The Ergenekon case: the balance between democracy and authoritarianism?


By Alessandra Pezzati. In the early hours of January 6, 2012, General İlker Başbuğ (chief of the Turkish General Staff, 2008-2010), was arrested on accusations of “founding or directing an armed terrorist organization” and “inciting the overthrow of the government of the Turkish Republic or the prevention of it fulfilling its duties”[i]. For many, the arrest of Başbuğ on terrorist incriminations will be regarded not so much as underlining that the General staff is no longer untouchable, but also that the Fethullah Gülen Movement[ii] is influential enough to detain whomever it likes. However, it is no secret that in the past the Turkish General circles recurrently endorsed black propaganda campaigns against supposed menaces to the unitary, secular state. On the other hand, both the specific charges against Başbuğ and the conduct of the investigations so far, have already raised serious concerns about the credibility of the Turkish judicial system, along with increasing fears that the country is slipping into a new era of repressive authoritarianism.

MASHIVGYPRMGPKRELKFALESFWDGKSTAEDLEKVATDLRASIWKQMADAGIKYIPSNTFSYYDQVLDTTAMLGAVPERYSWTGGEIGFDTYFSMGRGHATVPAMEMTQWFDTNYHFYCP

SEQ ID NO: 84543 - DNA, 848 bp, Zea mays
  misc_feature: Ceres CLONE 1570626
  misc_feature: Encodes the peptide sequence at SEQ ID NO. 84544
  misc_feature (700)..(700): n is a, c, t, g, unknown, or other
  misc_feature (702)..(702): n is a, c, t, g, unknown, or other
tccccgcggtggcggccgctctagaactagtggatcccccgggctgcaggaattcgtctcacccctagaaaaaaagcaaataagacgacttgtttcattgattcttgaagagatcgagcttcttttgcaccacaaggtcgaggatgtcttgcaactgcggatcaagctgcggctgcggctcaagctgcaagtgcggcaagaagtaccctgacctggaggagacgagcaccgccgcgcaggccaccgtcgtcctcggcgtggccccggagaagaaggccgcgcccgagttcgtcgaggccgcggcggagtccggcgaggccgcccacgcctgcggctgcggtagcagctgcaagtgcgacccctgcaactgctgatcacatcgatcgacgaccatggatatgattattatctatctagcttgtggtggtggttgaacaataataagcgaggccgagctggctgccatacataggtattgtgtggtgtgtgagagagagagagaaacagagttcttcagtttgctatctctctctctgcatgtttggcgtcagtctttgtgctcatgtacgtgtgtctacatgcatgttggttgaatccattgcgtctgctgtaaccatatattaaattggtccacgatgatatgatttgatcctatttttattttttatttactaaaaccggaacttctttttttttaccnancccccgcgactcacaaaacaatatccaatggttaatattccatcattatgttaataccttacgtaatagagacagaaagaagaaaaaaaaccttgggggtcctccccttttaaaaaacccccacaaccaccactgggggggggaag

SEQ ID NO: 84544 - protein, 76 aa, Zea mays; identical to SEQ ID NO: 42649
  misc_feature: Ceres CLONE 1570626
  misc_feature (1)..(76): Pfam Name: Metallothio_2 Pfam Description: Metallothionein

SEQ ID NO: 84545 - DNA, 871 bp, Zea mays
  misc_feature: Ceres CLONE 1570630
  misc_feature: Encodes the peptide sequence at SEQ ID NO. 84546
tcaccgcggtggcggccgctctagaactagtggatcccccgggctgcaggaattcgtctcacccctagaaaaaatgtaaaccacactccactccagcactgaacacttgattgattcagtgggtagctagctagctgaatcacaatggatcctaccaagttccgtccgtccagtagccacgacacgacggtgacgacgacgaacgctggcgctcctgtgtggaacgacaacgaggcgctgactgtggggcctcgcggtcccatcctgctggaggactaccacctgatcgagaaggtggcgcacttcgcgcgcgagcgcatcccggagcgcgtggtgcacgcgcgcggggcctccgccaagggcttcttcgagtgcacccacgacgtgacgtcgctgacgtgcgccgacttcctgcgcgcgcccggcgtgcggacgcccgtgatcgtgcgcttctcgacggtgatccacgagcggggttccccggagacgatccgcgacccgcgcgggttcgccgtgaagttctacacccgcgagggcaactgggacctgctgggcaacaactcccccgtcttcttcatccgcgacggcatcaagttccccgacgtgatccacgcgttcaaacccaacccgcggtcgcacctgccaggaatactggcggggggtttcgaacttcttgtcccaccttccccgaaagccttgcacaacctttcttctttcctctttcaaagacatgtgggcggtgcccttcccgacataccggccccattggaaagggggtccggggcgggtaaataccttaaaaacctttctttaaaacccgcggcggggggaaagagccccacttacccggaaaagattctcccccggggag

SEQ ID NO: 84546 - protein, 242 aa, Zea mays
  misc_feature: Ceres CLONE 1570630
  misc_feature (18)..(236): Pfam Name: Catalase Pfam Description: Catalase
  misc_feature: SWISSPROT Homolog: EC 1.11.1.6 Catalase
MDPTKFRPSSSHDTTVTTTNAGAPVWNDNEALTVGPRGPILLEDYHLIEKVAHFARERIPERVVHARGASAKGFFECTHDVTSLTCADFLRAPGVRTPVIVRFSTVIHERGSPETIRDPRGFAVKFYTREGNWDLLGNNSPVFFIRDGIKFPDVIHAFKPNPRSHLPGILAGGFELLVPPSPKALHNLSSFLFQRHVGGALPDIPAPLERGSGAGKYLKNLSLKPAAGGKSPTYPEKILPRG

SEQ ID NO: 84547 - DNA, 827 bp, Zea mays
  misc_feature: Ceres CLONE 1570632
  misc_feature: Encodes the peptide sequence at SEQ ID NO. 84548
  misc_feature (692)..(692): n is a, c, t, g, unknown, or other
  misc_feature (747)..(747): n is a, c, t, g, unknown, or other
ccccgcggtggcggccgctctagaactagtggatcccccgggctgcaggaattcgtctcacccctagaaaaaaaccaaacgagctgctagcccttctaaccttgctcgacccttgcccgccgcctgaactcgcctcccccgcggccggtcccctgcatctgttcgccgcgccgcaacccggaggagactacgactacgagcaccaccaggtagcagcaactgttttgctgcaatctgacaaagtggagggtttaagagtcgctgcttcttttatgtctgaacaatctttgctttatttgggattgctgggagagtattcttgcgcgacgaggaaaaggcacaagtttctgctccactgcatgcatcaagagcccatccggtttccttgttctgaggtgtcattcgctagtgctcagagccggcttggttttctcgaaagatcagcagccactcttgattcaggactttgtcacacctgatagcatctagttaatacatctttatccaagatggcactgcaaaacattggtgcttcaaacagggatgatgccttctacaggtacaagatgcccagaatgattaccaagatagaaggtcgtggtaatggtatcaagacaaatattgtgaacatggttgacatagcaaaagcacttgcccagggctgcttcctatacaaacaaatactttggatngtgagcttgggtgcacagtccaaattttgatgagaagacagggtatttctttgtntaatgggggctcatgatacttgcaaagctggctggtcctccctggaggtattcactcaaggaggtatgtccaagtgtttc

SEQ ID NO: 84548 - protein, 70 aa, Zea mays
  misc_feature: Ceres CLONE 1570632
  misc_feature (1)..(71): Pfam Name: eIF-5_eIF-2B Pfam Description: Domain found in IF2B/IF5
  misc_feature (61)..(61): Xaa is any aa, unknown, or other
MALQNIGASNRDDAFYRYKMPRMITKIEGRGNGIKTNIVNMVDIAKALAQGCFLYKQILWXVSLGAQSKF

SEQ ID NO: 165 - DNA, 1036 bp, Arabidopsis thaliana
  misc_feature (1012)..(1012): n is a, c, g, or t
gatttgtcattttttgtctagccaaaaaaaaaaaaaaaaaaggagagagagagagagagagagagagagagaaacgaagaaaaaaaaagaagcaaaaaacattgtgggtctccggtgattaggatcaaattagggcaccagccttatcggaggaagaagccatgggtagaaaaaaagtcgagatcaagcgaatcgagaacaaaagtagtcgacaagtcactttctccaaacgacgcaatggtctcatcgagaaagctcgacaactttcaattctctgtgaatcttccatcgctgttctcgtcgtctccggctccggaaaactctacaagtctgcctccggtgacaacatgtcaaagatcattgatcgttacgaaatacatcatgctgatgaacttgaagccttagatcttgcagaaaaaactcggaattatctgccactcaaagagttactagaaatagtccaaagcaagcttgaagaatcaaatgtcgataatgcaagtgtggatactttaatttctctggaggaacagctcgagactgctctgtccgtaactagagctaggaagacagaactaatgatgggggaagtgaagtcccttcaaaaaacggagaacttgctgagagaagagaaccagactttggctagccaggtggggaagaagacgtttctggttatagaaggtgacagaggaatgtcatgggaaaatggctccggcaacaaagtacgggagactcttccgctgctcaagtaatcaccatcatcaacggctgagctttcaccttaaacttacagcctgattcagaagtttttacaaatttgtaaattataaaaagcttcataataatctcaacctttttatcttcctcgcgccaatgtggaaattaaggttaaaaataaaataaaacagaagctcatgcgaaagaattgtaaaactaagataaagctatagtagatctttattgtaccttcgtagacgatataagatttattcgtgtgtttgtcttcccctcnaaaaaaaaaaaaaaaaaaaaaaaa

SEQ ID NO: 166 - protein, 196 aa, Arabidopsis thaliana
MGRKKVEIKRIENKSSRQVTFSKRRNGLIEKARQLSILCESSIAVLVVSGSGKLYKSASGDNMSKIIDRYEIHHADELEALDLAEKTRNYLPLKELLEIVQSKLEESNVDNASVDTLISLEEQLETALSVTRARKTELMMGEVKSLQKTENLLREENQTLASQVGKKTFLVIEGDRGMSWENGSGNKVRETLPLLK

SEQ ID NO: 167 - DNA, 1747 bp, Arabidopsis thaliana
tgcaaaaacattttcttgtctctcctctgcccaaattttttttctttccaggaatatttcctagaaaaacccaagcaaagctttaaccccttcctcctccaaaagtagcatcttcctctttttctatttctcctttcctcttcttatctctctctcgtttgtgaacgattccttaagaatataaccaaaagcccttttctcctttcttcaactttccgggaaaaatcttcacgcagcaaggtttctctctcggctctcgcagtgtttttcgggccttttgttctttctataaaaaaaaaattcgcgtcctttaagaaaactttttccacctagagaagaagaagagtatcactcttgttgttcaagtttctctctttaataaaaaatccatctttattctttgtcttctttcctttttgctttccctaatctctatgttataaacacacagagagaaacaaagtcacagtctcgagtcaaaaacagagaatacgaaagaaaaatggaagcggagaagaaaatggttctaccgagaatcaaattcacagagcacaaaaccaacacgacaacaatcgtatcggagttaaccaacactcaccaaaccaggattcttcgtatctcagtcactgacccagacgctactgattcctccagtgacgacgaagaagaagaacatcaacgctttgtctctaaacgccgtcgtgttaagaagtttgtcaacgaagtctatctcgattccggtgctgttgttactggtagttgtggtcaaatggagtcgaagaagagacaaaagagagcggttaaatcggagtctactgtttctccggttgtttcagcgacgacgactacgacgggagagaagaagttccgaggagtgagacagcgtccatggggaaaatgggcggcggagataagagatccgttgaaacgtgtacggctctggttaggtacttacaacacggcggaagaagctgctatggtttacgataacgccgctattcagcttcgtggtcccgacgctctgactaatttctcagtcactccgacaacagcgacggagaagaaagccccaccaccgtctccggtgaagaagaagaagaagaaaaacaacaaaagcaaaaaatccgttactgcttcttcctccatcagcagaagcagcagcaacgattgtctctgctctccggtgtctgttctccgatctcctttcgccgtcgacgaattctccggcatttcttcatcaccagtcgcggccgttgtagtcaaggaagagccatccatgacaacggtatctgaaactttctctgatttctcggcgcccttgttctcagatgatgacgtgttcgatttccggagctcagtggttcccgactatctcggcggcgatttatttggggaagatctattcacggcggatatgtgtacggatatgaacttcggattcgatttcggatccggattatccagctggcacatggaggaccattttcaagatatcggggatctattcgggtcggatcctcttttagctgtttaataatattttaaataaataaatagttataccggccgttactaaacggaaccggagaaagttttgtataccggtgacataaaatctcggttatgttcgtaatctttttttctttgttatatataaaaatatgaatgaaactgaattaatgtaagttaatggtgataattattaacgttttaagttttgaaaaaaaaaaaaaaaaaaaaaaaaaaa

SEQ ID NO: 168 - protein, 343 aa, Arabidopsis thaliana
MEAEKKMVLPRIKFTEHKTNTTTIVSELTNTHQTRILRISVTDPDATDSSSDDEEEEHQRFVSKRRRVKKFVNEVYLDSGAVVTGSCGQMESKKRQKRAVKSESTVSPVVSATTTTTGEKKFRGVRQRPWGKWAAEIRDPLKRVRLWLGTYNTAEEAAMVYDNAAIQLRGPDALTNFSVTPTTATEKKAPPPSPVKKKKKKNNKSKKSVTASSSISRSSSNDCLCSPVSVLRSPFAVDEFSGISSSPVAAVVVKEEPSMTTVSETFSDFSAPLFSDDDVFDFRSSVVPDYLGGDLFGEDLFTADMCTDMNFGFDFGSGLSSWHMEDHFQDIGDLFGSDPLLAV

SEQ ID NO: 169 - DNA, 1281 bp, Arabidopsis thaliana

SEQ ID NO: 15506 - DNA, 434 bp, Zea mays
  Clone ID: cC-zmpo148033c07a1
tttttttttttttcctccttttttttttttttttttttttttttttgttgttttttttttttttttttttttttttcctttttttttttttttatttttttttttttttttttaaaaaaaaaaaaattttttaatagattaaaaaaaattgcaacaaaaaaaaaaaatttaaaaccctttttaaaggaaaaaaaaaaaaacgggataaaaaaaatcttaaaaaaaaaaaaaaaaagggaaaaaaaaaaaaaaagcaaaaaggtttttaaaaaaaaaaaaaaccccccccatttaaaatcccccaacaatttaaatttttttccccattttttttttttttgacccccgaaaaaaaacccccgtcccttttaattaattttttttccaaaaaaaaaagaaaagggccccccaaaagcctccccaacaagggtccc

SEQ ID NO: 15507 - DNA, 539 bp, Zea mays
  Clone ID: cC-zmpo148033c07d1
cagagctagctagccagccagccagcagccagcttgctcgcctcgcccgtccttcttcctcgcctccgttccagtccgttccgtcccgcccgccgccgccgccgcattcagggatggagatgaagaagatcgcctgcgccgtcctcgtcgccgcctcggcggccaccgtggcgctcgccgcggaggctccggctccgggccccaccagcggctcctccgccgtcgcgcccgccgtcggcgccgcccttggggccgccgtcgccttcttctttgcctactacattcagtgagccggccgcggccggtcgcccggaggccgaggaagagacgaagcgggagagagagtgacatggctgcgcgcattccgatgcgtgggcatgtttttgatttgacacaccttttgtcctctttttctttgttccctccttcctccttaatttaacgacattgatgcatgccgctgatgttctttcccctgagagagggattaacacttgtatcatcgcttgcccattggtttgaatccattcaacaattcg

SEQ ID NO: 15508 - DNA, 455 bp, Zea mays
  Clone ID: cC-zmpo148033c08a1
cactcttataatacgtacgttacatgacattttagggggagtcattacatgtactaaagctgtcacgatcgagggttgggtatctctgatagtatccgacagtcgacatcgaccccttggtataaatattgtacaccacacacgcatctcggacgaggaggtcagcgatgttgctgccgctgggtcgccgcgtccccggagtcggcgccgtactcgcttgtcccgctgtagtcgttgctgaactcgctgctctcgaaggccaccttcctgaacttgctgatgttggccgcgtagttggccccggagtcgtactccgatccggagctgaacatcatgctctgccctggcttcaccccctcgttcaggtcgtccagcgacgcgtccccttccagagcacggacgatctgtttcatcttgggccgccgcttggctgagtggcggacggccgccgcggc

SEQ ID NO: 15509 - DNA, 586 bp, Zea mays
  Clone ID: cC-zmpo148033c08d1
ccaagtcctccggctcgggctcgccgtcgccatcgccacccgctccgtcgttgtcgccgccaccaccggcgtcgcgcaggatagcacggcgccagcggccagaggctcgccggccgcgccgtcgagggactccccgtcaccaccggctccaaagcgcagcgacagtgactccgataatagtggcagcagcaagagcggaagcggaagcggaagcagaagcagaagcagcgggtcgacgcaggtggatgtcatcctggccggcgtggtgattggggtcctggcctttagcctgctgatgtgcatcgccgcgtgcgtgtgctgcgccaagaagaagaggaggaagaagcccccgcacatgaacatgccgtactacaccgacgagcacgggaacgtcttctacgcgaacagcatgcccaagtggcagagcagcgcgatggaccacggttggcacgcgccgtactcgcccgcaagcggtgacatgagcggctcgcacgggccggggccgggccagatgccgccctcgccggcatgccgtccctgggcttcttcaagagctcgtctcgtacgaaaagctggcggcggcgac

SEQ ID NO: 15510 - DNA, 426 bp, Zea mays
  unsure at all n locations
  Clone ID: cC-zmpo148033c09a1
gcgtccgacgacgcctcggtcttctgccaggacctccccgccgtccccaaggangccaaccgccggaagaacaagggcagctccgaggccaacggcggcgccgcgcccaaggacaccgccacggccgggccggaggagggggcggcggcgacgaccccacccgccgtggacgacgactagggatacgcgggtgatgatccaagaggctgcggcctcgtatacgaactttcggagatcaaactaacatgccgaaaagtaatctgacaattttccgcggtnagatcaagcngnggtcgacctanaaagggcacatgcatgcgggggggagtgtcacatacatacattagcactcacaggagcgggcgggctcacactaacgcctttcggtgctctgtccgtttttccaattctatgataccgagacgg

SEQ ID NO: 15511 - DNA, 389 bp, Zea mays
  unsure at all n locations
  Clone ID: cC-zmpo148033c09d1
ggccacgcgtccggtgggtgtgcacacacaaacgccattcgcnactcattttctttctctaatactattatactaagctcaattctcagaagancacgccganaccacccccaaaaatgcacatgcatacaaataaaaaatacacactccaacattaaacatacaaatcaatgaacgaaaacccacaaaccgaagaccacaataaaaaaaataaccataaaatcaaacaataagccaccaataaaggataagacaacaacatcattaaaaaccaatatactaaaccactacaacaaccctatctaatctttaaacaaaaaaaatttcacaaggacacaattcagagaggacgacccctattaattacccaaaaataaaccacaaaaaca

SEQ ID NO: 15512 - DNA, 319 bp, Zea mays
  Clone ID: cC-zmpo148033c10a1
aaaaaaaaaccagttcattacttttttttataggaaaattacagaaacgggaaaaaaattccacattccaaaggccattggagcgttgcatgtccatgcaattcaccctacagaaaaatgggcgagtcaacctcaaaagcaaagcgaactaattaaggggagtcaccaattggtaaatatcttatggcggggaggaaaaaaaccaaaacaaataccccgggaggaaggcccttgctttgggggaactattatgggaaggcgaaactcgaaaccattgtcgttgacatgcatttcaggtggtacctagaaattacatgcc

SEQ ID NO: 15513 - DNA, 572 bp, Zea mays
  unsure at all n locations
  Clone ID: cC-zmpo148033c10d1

The Ergenekon[iii] case began in June 2007 when twenty-seven grenades and other explosives were found in the home of an ultranationalist military officer (the word Ergenekon has since entered the Turkish vocabulary as an “ultranationalist clandestine network”)[iv]. Considering Turkey’s long history of attempted and actual military interventions and crimes committed by the state, it is not surprising that there is a hierarchically organized and deeply embedded criminal organization, which runs parallel to and above Turkey’s existing legal and security structures. Since it was first launched, the Ergenekon investigation has become the largest and most controversial court case in recent Turkish history[v]. What distinguishes the Ergenekon operation from previous cases is the high profile of the members and the extent of the activities. The suspects represent a wide spectrum of elite personalities, from senior military commanders and political leaders to columnists and academics. For many observers it is a historic opportunity to confront the long existence of covert networks within the state, supposed to be led by the military secular forces[vi].